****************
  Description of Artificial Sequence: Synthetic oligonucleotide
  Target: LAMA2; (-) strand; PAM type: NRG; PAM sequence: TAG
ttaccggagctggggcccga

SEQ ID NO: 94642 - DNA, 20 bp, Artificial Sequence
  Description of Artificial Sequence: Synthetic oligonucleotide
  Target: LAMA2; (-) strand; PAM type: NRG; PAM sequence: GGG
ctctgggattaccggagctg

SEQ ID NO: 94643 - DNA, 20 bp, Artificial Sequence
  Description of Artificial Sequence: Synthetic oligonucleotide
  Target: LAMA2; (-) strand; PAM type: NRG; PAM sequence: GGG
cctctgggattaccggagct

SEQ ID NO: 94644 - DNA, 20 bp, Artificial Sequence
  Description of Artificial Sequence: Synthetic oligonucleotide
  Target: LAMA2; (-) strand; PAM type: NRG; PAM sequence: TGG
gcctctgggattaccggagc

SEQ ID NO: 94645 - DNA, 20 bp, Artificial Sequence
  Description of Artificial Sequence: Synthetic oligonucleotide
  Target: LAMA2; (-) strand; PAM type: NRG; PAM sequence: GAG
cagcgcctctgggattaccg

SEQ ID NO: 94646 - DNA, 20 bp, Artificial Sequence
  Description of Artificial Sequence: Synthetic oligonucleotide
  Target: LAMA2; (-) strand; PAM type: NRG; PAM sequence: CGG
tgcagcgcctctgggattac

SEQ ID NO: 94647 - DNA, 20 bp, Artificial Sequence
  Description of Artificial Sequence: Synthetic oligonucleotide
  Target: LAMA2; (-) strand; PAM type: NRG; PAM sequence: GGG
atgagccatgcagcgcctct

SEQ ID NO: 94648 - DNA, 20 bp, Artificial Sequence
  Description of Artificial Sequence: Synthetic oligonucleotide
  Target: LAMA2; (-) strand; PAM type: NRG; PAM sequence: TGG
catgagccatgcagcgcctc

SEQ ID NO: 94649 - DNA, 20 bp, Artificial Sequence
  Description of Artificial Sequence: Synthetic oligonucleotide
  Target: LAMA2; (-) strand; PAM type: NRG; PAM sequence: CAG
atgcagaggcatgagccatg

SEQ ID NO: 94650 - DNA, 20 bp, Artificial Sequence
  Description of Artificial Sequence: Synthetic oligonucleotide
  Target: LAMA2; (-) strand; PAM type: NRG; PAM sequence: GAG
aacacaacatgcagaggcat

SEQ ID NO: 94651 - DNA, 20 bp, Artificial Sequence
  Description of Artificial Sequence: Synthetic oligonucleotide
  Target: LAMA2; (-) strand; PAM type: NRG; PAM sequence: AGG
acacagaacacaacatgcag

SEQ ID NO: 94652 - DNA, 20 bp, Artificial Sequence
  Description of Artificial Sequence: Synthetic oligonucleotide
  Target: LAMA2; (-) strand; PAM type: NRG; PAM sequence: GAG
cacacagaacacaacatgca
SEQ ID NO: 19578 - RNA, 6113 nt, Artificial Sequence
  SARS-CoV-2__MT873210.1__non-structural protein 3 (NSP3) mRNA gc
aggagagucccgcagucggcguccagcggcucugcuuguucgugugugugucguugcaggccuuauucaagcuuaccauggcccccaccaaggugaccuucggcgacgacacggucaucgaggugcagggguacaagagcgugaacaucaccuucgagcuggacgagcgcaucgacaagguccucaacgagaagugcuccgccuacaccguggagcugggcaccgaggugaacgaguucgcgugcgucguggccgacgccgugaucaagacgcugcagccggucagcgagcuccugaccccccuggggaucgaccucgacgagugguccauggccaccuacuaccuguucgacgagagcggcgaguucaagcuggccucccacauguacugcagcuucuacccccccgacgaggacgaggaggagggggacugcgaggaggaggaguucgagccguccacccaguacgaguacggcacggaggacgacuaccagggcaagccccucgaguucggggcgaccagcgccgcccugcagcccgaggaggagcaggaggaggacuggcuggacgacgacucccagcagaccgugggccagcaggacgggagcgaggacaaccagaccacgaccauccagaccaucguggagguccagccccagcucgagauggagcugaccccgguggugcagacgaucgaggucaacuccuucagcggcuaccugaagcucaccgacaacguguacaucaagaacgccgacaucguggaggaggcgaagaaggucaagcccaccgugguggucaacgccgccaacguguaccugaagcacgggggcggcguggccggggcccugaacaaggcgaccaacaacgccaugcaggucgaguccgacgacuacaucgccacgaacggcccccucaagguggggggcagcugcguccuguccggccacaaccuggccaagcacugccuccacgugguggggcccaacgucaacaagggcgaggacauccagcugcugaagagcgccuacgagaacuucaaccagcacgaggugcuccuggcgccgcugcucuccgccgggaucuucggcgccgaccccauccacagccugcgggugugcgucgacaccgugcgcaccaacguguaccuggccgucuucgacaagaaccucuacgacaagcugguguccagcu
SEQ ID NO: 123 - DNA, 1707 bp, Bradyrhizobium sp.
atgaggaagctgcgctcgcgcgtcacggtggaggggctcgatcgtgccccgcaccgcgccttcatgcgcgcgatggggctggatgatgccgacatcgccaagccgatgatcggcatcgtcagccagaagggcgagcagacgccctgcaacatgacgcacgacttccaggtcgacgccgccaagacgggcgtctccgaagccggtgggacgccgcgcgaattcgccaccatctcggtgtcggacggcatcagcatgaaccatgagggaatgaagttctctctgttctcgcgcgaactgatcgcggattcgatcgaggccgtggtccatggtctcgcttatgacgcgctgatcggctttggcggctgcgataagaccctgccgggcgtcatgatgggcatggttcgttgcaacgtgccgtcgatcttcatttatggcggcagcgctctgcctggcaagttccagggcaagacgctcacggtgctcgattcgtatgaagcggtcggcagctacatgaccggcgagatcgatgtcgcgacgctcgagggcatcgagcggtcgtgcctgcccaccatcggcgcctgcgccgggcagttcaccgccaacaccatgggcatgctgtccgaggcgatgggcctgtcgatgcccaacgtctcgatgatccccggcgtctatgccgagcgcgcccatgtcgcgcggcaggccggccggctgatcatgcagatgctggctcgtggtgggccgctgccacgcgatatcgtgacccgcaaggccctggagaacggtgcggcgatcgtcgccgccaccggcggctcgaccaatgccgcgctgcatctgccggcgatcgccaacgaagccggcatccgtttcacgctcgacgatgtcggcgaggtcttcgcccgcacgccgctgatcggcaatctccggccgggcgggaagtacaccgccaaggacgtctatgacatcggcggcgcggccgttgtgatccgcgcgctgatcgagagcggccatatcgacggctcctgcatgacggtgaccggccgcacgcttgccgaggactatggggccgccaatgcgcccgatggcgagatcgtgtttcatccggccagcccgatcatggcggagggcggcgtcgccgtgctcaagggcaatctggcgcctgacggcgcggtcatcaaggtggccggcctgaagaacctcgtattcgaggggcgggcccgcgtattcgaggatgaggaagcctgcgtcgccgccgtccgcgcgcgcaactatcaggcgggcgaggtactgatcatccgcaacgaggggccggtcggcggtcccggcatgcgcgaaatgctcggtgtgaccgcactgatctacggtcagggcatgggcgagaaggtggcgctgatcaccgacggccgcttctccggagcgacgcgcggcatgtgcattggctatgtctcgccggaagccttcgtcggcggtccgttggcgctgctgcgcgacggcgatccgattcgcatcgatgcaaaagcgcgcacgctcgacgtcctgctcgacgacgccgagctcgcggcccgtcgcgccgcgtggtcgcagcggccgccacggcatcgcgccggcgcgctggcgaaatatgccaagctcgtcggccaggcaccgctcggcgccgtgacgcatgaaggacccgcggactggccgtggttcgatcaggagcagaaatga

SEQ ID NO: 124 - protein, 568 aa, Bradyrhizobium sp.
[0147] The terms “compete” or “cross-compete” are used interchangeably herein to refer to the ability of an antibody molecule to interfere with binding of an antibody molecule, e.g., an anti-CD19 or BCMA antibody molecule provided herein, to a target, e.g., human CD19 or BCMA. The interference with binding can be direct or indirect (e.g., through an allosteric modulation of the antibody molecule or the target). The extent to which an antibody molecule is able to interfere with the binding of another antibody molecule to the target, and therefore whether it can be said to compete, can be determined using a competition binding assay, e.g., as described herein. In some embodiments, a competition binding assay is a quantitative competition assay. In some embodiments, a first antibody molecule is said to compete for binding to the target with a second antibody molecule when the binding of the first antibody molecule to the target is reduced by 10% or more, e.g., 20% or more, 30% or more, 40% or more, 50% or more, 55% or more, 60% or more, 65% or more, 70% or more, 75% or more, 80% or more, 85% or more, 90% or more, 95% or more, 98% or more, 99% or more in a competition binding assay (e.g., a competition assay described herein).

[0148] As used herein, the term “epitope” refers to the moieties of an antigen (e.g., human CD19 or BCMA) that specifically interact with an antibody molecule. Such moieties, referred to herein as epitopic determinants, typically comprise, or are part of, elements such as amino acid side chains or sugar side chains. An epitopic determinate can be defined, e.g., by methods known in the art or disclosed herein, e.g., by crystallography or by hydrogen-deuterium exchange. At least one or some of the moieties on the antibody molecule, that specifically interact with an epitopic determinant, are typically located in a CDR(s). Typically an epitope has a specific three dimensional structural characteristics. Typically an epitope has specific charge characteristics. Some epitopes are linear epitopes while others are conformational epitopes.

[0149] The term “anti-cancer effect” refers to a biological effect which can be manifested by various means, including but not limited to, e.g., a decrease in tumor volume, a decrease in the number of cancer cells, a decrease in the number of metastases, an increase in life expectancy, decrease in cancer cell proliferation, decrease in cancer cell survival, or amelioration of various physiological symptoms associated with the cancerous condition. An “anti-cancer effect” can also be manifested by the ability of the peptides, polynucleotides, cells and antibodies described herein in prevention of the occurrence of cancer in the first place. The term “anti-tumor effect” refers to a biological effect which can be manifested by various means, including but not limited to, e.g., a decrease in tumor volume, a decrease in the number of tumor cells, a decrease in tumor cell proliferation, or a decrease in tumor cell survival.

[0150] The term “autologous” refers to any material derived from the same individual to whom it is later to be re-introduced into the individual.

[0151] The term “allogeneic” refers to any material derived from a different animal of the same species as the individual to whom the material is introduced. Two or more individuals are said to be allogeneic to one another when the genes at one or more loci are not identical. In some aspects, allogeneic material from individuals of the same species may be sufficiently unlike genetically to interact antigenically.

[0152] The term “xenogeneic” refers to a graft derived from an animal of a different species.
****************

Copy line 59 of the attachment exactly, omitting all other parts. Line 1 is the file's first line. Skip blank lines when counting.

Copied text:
[0152] The term “xenogeneic” refers to a graft derived from an animal of a different species.